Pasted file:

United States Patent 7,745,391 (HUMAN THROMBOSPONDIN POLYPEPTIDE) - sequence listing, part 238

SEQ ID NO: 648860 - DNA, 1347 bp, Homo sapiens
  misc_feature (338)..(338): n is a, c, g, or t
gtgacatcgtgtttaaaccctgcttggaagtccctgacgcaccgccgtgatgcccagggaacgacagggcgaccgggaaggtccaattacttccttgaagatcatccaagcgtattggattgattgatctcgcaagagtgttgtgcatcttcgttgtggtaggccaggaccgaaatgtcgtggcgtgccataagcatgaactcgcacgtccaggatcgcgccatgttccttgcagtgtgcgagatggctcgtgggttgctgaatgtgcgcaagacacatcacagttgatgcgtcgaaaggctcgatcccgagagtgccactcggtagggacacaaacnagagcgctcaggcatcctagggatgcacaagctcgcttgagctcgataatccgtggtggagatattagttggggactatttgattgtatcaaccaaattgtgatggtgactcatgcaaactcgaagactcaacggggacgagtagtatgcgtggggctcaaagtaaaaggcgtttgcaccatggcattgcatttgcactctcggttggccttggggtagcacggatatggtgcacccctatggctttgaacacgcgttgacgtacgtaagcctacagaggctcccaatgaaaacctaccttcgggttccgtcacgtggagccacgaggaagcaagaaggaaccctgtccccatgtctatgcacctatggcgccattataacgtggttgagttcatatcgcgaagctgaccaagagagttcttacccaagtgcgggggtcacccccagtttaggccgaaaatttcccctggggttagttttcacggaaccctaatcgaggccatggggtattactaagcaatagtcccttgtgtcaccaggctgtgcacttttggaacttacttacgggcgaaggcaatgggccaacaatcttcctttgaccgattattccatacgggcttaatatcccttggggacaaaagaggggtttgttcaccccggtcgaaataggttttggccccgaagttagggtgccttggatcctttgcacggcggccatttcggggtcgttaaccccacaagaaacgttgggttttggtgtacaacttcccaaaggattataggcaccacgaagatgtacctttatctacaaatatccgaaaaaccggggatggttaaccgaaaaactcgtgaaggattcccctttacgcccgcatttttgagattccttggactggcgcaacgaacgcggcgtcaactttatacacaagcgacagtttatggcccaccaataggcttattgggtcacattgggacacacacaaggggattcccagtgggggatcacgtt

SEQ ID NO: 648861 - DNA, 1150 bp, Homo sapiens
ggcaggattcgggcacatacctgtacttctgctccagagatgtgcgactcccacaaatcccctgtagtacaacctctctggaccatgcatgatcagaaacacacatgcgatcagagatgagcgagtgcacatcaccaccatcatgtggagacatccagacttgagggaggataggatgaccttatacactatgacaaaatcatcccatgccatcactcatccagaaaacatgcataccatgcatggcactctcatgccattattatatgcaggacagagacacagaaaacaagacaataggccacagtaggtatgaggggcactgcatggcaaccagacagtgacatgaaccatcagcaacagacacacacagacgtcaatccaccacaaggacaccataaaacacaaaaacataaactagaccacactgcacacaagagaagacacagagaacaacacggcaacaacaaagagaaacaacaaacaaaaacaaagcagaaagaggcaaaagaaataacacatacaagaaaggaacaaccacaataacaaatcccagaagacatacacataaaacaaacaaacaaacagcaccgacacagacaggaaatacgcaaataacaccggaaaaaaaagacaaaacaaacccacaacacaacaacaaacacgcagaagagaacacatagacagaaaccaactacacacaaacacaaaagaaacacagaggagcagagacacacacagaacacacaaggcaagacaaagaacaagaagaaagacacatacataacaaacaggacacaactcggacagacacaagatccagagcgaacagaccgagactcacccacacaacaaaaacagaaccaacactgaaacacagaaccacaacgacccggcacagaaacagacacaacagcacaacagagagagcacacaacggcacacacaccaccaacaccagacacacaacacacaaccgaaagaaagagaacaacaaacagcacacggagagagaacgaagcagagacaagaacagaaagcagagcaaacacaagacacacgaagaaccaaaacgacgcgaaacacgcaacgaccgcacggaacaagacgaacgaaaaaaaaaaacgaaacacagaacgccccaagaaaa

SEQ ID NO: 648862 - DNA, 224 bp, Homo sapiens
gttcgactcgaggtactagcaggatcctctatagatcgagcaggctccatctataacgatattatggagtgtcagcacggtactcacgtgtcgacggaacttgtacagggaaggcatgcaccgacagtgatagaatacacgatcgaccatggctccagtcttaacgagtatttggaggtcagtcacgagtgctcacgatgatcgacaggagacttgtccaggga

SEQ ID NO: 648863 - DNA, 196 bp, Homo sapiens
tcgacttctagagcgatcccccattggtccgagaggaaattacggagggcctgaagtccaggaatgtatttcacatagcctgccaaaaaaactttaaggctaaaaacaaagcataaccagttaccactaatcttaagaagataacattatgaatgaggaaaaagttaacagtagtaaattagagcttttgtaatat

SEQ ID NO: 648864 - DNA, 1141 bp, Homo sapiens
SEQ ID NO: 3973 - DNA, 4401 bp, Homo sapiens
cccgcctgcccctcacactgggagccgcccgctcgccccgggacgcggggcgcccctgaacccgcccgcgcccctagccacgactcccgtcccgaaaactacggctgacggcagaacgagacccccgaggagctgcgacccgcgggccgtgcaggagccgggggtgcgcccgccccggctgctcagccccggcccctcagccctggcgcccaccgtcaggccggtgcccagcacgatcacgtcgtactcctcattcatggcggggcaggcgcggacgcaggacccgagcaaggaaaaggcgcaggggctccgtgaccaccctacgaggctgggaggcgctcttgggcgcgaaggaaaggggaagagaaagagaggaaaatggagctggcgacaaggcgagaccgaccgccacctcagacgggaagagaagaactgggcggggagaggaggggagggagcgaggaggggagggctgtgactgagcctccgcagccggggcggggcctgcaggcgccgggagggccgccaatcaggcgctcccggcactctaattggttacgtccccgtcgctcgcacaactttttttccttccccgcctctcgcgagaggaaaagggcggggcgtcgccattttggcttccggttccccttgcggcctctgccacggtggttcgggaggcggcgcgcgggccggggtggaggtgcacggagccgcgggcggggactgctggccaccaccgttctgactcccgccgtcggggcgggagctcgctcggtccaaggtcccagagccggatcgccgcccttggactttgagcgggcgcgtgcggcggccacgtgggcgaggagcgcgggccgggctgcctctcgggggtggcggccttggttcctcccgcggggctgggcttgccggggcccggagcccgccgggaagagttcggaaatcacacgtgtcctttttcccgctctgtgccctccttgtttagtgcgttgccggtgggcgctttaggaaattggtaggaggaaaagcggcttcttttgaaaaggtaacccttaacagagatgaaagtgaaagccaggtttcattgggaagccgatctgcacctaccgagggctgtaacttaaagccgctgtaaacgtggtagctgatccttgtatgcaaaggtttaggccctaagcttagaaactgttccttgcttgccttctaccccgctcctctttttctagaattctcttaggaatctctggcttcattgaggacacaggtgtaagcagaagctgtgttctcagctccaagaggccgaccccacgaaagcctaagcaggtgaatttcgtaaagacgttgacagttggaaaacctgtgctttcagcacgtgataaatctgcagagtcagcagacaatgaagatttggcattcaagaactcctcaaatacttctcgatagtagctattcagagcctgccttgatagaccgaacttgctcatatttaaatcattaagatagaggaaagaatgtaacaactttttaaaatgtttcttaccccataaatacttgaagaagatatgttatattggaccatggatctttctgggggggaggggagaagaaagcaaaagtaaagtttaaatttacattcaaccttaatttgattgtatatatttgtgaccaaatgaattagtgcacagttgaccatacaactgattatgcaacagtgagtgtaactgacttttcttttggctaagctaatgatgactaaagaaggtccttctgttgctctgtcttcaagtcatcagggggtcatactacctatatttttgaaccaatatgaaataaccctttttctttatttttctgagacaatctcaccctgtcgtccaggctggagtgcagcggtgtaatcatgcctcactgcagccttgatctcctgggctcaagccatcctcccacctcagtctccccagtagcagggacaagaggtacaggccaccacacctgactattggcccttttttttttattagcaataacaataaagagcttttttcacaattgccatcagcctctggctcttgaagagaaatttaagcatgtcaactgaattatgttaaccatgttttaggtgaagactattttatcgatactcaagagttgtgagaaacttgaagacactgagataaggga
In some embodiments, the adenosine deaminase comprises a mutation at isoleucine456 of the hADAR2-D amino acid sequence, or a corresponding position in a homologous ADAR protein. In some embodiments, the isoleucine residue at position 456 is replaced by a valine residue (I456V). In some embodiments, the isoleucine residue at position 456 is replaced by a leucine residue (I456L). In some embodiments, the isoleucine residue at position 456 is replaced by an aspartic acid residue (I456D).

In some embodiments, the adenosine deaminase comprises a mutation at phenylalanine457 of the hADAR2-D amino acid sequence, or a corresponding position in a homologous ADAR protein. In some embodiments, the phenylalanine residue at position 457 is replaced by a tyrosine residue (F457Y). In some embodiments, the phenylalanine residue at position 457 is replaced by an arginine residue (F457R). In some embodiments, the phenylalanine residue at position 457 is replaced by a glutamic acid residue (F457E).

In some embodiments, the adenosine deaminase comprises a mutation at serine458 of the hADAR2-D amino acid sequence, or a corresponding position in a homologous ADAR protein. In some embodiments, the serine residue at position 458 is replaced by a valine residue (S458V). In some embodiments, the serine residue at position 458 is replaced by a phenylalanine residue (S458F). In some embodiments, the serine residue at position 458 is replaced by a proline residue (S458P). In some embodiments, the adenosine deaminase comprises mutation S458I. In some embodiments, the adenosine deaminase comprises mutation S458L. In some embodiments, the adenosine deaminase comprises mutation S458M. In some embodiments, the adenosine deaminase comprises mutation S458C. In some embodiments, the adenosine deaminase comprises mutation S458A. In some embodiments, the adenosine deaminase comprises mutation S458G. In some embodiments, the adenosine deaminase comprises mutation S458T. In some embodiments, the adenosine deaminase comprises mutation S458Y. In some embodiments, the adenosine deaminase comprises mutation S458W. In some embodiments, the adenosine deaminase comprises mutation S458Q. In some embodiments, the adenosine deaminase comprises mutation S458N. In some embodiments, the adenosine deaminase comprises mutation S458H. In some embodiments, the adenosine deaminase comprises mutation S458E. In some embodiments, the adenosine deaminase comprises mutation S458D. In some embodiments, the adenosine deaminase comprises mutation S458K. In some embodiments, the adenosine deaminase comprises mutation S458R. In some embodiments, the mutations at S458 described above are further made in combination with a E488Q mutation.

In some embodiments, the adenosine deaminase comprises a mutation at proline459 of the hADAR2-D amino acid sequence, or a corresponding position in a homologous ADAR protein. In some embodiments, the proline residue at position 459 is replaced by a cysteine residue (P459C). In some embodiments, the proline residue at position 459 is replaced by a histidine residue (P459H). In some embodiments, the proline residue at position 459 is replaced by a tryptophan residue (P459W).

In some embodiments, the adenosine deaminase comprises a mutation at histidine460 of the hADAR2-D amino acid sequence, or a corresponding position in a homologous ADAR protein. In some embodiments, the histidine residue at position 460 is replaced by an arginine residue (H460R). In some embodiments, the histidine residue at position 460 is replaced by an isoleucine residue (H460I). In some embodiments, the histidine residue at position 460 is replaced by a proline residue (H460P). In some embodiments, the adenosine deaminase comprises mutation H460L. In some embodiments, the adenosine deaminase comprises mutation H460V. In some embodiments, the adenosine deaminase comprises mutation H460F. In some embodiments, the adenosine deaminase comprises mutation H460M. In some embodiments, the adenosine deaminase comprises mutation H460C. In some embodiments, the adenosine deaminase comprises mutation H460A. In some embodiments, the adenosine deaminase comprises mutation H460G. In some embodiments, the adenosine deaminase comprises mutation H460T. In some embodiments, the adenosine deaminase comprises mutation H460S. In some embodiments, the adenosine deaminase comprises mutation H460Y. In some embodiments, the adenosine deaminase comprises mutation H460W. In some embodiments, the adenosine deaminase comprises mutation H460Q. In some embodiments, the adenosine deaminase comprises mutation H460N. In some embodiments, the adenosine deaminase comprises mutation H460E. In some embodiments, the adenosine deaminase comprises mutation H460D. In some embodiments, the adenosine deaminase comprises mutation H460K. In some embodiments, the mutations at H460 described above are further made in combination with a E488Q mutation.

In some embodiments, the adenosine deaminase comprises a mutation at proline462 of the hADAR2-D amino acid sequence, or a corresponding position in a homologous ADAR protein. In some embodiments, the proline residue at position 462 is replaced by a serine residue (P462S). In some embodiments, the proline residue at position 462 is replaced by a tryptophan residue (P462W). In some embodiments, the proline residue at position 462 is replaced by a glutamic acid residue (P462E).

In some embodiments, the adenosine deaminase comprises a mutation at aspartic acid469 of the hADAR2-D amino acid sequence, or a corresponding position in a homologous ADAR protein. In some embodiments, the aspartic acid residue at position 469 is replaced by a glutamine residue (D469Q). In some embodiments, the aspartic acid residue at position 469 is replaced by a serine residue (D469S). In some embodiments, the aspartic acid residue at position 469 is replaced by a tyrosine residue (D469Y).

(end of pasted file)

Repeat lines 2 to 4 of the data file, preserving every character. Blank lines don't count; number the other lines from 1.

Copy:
SEQ ID NO: 648860 - DNA, 1347 bp, Homo sapiens
  misc_feature (338)..(338): n is a, c, g, or t
gtgacatcgtgtttaaaccctgcttggaagtccctgacgcaccgccgtgatgcccagggaacgacagggcgaccgggaaggtccaattacttccttgaagatcatccaagcgtattggattgattgatctcgcaagagtgttgtgcatcttcgttgtggtaggccaggaccgaaatgtcgtggcgtgccataagcatgaactcgcacgtccaggatcgcgccatgttccttgcagtgtgcgagatggctcgtgggttgctgaatgtgcgcaagacacatcacagttgatgcgtcgaaaggctcgatcccgagagtgccactcggtagggacacaaacnagagcgctcaggcatcctagggatgcacaagctcgcttgagctcgataatccgtggtggagatattagttggggactatttgattgtatcaaccaaattgtgatggtgactcatgcaaactcgaagactcaacggggacgagtagtatgcgtggggctcaaagtaaaaggcgtttgcaccatggcattgcatttgcactctcggttggccttggggtagcacggatatggtgcacccctatggctttgaacacgcgttgacgtacgtaagcctacagaggctcccaatgaaaacctaccttcgggttccgtcacgtggagccacgaggaagcaagaaggaaccctgtccccatgtctatgcacctatggcgccattataacgtggttgagttcatatcgcgaagctgaccaagagagttcttacccaagtgcgggggtcacccccagtttaggccgaaaatttcccctggggttagttttcacggaaccctaatcgaggccatggggtattactaagcaatagtcccttgtgtcaccaggctgtgcacttttggaacttacttacgggcgaaggcaatgggccaacaatcttcctttgaccgattattccatacgggcttaatatcccttggggacaaaagaggggtttgttcaccccggtcgaaataggttttggccccgaagttagggtgccttggatcctttgcacggcggccatttcggggtcgttaaccccacaagaaacgttgggttttggtgtacaacttcccaaaggattataggcaccacgaagatgtacctttatctacaaatatccgaaaaaccggggatggttaaccgaaaaactcgtgaaggattcccctttacgcccgcatttttgagattccttggactggcgcaacgaacgcggcgtcaactttatacacaagcgacagtttatggcccaccaataggcttattgggtcacattgggacacacacaaggggattcccagtgggggatcacgtt